The emergence of a truly entrepreneurial economy in the United States during the last 15 to 20 years has been, perhaps, the most significant and hopeful event to have occurred in recent business and social history, the director of Washington State University’s Center for Entrepreneurial Studies believes.
“All market-oriented countries are now committed, if not obsessed, with creating and implementing an entrepreneurial culture within their business and economic systems,” says Rom J. Markin.
“It is the world-wide entrepreneurial spirit and endeavor that is creating new jobs, lowering unemployment, increasing disposable income and creating vast new wealth,” Markin said. While the economies of most developed countries, particularly those of Western Europe during the last 20 years or so, have actually witnessed a reduction in their work force, the number of people gainfully employed in the U.S. has grown steadily, according to Markin.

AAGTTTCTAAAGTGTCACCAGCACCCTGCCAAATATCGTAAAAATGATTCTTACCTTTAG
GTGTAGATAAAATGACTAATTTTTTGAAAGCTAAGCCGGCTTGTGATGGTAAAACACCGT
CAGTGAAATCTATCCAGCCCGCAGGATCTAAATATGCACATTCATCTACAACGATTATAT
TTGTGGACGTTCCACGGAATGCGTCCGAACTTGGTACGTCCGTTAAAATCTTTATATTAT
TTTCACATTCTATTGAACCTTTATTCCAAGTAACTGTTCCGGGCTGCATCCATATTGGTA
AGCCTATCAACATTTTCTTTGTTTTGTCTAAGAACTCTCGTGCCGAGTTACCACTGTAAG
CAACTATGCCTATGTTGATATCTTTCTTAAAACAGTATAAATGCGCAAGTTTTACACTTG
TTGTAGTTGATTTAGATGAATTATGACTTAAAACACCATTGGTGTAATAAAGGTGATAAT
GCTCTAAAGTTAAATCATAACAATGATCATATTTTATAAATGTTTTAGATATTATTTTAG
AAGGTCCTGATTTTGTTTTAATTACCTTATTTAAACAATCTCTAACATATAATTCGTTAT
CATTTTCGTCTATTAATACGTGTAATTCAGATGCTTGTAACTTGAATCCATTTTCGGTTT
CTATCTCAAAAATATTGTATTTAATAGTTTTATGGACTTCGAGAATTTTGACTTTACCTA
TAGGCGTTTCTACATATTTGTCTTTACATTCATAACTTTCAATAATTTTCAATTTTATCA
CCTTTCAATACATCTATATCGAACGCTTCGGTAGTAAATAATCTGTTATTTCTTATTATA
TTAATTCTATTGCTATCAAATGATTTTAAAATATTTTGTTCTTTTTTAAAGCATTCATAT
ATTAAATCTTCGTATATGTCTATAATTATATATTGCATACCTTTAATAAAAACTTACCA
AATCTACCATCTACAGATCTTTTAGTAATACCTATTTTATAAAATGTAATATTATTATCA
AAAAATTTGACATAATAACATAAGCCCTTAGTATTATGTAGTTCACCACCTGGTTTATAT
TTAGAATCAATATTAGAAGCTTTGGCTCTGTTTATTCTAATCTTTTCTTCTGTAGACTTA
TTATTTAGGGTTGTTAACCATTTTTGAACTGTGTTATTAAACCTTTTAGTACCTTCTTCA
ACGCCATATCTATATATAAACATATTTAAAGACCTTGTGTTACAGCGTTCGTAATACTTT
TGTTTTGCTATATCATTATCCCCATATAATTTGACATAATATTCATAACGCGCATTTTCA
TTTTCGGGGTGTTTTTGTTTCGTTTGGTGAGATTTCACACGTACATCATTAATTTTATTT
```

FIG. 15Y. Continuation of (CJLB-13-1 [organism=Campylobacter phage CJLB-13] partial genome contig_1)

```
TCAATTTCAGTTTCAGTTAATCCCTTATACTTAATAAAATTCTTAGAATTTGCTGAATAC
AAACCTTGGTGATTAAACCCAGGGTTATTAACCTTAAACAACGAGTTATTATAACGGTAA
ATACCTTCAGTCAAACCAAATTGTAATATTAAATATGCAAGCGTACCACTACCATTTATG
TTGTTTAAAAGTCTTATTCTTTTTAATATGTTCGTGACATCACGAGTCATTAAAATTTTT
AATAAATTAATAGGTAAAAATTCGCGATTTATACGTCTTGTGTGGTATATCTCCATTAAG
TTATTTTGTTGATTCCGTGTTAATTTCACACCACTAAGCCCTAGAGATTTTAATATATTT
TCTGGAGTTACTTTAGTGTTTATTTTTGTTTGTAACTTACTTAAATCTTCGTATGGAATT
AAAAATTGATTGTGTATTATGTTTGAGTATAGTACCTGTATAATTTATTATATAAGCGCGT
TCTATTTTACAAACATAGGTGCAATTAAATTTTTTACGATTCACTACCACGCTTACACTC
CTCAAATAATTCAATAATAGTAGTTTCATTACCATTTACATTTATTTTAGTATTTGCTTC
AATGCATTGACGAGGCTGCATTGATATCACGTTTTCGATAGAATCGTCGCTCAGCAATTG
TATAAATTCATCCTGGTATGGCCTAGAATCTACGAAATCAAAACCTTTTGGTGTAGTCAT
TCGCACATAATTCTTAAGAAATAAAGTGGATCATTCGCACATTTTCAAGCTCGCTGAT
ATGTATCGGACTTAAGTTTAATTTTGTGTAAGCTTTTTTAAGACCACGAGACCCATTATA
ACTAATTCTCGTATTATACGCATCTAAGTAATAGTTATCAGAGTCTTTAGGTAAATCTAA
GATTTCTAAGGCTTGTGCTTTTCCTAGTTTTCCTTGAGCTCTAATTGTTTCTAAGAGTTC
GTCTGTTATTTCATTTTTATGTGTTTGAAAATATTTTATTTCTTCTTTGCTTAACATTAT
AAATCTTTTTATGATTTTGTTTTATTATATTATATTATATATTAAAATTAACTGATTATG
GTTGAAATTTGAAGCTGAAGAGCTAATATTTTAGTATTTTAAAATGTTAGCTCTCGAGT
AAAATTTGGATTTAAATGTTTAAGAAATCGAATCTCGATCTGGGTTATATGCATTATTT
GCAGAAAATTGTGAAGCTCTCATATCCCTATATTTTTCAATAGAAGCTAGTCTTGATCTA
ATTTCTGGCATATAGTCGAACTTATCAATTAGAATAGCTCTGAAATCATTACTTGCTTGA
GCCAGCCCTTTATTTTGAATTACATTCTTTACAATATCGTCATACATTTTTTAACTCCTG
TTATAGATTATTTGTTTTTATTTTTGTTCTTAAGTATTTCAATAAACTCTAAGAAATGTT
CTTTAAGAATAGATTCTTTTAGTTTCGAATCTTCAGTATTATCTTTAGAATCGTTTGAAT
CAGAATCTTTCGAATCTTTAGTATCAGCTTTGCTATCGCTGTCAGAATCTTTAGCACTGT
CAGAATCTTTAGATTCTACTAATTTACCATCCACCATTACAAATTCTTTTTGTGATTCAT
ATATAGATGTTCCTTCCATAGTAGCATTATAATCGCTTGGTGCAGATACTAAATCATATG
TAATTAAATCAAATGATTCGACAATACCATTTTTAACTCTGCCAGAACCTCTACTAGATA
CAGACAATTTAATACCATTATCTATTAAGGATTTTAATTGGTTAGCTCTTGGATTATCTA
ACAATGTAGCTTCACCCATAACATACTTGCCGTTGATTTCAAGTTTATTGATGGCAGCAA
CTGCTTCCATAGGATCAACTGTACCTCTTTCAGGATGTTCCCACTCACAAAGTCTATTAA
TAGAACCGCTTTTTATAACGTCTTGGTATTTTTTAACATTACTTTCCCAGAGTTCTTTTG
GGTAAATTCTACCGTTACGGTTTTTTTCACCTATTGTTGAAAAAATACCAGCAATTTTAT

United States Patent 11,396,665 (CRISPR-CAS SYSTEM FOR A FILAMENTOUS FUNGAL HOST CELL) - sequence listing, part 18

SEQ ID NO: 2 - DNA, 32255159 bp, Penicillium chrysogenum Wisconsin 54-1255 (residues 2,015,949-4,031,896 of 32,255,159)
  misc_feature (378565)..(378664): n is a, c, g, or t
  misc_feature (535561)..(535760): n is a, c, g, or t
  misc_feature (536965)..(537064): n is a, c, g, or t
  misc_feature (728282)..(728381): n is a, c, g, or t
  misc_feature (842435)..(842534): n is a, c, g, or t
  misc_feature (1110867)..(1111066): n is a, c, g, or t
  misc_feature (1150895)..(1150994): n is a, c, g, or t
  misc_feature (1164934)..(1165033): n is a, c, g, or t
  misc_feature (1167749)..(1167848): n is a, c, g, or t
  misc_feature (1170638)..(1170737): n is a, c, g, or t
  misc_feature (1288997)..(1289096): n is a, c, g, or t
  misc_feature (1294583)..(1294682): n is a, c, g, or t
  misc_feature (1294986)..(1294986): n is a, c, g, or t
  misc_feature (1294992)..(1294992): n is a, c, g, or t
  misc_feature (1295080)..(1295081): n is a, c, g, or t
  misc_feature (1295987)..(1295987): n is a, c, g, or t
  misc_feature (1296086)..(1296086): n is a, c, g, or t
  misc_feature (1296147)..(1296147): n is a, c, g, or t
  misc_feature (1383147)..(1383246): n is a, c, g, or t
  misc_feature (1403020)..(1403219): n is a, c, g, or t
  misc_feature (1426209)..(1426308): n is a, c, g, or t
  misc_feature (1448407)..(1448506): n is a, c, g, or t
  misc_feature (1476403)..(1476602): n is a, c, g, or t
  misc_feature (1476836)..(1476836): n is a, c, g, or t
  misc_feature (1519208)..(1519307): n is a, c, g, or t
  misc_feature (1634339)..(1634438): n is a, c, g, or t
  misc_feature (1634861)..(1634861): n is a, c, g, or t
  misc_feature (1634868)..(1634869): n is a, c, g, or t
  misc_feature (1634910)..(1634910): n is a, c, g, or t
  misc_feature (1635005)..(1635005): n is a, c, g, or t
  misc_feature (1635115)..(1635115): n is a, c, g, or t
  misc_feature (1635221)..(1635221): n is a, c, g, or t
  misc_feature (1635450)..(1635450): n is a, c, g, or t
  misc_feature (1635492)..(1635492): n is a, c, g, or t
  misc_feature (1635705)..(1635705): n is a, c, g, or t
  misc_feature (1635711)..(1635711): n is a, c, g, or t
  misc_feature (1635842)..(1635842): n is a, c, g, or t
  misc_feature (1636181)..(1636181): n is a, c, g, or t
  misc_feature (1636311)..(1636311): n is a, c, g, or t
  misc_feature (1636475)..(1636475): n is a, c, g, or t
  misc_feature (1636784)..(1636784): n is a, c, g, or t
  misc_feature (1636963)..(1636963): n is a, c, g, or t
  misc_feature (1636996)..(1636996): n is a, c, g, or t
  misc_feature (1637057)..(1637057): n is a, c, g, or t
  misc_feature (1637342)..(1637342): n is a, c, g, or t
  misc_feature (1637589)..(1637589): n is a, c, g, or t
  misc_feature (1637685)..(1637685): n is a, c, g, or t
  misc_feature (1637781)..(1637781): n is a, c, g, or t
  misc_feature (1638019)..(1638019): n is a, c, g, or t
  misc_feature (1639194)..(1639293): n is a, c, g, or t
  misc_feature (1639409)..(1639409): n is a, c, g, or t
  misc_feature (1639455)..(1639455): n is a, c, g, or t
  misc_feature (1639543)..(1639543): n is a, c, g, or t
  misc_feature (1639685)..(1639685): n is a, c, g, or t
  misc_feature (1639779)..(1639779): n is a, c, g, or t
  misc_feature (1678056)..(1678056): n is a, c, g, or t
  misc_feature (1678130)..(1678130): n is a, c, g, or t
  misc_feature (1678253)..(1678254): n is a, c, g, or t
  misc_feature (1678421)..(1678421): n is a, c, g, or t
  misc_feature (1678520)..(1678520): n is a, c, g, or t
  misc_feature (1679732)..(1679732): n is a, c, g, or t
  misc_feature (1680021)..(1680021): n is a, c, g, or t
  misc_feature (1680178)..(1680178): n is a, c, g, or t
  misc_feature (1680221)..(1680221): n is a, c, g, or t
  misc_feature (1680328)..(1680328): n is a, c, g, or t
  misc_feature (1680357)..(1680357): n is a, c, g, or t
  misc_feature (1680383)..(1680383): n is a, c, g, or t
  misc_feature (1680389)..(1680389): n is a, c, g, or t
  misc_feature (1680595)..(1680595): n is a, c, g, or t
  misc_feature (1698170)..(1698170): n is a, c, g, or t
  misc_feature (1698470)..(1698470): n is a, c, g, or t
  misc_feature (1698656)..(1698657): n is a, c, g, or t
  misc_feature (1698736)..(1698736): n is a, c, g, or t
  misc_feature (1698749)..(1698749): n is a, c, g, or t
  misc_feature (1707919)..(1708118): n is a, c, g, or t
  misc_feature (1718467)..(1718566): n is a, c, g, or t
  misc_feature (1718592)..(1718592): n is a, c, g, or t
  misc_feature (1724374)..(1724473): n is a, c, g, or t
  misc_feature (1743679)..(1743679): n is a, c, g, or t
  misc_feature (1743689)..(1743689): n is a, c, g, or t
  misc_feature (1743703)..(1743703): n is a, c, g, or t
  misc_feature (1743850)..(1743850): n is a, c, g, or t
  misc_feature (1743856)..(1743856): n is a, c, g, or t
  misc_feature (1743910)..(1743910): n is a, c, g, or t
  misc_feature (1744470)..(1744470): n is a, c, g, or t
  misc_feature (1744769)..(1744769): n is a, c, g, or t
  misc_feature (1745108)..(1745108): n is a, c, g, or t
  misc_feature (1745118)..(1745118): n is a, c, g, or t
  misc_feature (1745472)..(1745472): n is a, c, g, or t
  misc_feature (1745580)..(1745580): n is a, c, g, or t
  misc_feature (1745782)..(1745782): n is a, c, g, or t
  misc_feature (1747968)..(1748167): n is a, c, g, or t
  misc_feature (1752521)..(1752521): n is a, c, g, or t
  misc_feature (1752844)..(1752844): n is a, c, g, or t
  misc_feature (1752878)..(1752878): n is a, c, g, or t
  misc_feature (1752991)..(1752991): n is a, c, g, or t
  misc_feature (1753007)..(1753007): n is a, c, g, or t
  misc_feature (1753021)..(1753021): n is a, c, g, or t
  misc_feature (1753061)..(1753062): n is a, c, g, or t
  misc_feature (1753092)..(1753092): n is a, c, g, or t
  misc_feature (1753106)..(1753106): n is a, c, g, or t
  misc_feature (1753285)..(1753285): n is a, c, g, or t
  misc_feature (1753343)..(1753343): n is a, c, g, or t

For example, between 1975 and 1995, the labor force in Western Europe grew from about 65 million to 74 million — about 14 percent — but in the United States, the labor force grew by more than 40 million, or about 45 percent (three times the Western European performance). The number of Americans in paid jobs grew during the same period by one half — 59 percent — from about 75 to 115 million.
“We are witnessing nothing less than an entrepreneurial revolution,” Markin said. “We are now creating nearly 1.2 million new enterprises each year in America. What may astonish some is that over 90 percent of the nation’s wealth has been created since 1980, a direct result of this entrepreneurial revolution.”
Markin is a professor of marketing and the Huber Professor of Entrepreneurship at WSU. From May 1980 to July 1995, he served as dean of the College of Business and Economics. His academic research includes entrepreneurship, marketing, retailing strategy, and consumer behavior. His major publications include Marketing, Strategy, and Management, and Retailing Management.